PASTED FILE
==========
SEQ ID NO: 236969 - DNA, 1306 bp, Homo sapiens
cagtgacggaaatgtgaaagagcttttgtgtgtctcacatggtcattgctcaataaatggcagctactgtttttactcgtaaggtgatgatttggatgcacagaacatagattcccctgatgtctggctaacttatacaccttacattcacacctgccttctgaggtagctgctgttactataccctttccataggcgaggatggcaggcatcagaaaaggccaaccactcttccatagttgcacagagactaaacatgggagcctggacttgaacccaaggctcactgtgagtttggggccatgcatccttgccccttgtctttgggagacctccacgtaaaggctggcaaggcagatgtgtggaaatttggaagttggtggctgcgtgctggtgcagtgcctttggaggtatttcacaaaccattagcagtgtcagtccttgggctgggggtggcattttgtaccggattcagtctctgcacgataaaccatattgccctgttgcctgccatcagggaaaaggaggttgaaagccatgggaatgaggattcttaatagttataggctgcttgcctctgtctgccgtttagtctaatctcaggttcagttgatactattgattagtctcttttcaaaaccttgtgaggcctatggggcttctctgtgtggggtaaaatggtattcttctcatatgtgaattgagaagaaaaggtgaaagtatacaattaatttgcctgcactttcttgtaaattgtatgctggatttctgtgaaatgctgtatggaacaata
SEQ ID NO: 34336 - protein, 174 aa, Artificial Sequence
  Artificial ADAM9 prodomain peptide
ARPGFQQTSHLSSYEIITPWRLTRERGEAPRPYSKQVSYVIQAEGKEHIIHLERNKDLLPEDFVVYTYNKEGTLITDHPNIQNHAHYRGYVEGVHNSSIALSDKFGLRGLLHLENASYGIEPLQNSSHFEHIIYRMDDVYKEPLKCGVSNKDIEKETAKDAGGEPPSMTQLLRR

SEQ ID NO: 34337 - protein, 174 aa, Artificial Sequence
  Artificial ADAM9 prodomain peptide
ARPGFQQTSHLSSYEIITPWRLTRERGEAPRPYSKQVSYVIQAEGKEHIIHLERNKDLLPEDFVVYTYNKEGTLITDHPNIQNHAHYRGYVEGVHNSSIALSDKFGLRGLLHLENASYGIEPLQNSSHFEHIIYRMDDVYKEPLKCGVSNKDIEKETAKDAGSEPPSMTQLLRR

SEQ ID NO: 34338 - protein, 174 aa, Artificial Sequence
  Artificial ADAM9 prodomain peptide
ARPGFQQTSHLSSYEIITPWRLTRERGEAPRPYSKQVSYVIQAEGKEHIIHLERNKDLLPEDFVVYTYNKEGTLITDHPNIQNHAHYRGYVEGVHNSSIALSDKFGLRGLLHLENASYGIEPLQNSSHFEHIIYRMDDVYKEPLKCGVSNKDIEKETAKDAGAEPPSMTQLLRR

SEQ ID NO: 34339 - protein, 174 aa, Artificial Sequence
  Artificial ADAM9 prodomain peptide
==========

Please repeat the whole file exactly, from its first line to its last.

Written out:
SEQ ID NO: 236969 - DNA, 1306 bp, Homo sapiens
cagtgacggaaatgtgaaagagcttttgtgtgtctcacatggtcattgctcaataaatggcagctactgtttttactcgtaaggtgatgatttggatgcacagaacatagattcccctgatgtctggctaacttatacaccttacattcacacctgccttctgaggtagctgctgttactataccctttccataggcgaggatggcaggcatcagaaaaggccaaccactcttccatagttgcacagagactaaacatgggagcctggacttgaacccaaggctcactgtgagtttggggccatgcatccttgccccttgtctttgggagacctccacgtaaaggctggcaaggcagatgtgtggaaatttggaagttggtggctgcgtgctggtgcagtgcctttggaggtatttcacaaaccattagcagtgtcagtccttgggctgggggtggcattttgtaccggattcagtctctgcacgataaaccatattgccctgttgcctgccatcagggaaaaggaggttgaaagccatgggaatgaggattcttaatagttataggctgcttgcctctgtctgccgtttagtctaatctcaggttcagttgatactattgattagtctcttttcaaaaccttgtgaggcctatggggcttctctgtgtggggtaaaatggtattcttctcatatgtgaattgagaagaaaaggtgaaagtatacaattaatttgcctgcactttcttgtaaattgtatgctggatttctgtgaaatgctgtatggaacaata
SEQ ID NO: 34336 - protein, 174 aa, Artificial Sequence
  Artificial ADAM9 prodomain peptide
ARPGFQQTSHLSSYEIITPWRLTRERGEAPRPYSKQVSYVIQAEGKEHIIHLERNKDLLPEDFVVYTYNKEGTLITDHPNIQNHAHYRGYVEGVHNSSIALSDKFGLRGLLHLENASYGIEPLQNSSHFEHIIYRMDDVYKEPLKCGVSNKDIEKETAKDAGGEPPSMTQLLRR

SEQ ID NO: 34337 - protein, 174 aa, Artificial Sequence
  Artificial ADAM9 prodomain peptide
ARPGFQQTSHLSSYEIITPWRLTRERGEAPRPYSKQVSYVIQAEGKEHIIHLERNKDLLPEDFVVYTYNKEGTLITDHPNIQNHAHYRGYVEGVHNSSIALSDKFGLRGLLHLENASYGIEPLQNSSHFEHIIYRMDDVYKEPLKCGVSNKDIEKETAKDAGSEPPSMTQLLRR

SEQ ID NO: 34338 - protein, 174 aa, Artificial Sequence
  Artificial ADAM9 prodomain peptide
ARPGFQQTSHLSSYEIITPWRLTRERGEAPRPYSKQVSYVIQAEGKEHIIHLERNKDLLPEDFVVYTYNKEGTLITDHPNIQNHAHYRGYVEGVHNSSIALSDKFGLRGLLHLENASYGIEPLQNSSHFEHIIYRMDDVYKEPLKCGVSNKDIEKETAKDAGAEPPSMTQLLRR

SEQ ID NO: 34339 - protein, 174 aa, Artificial Sequence
  Artificial ADAM9 prodomain peptide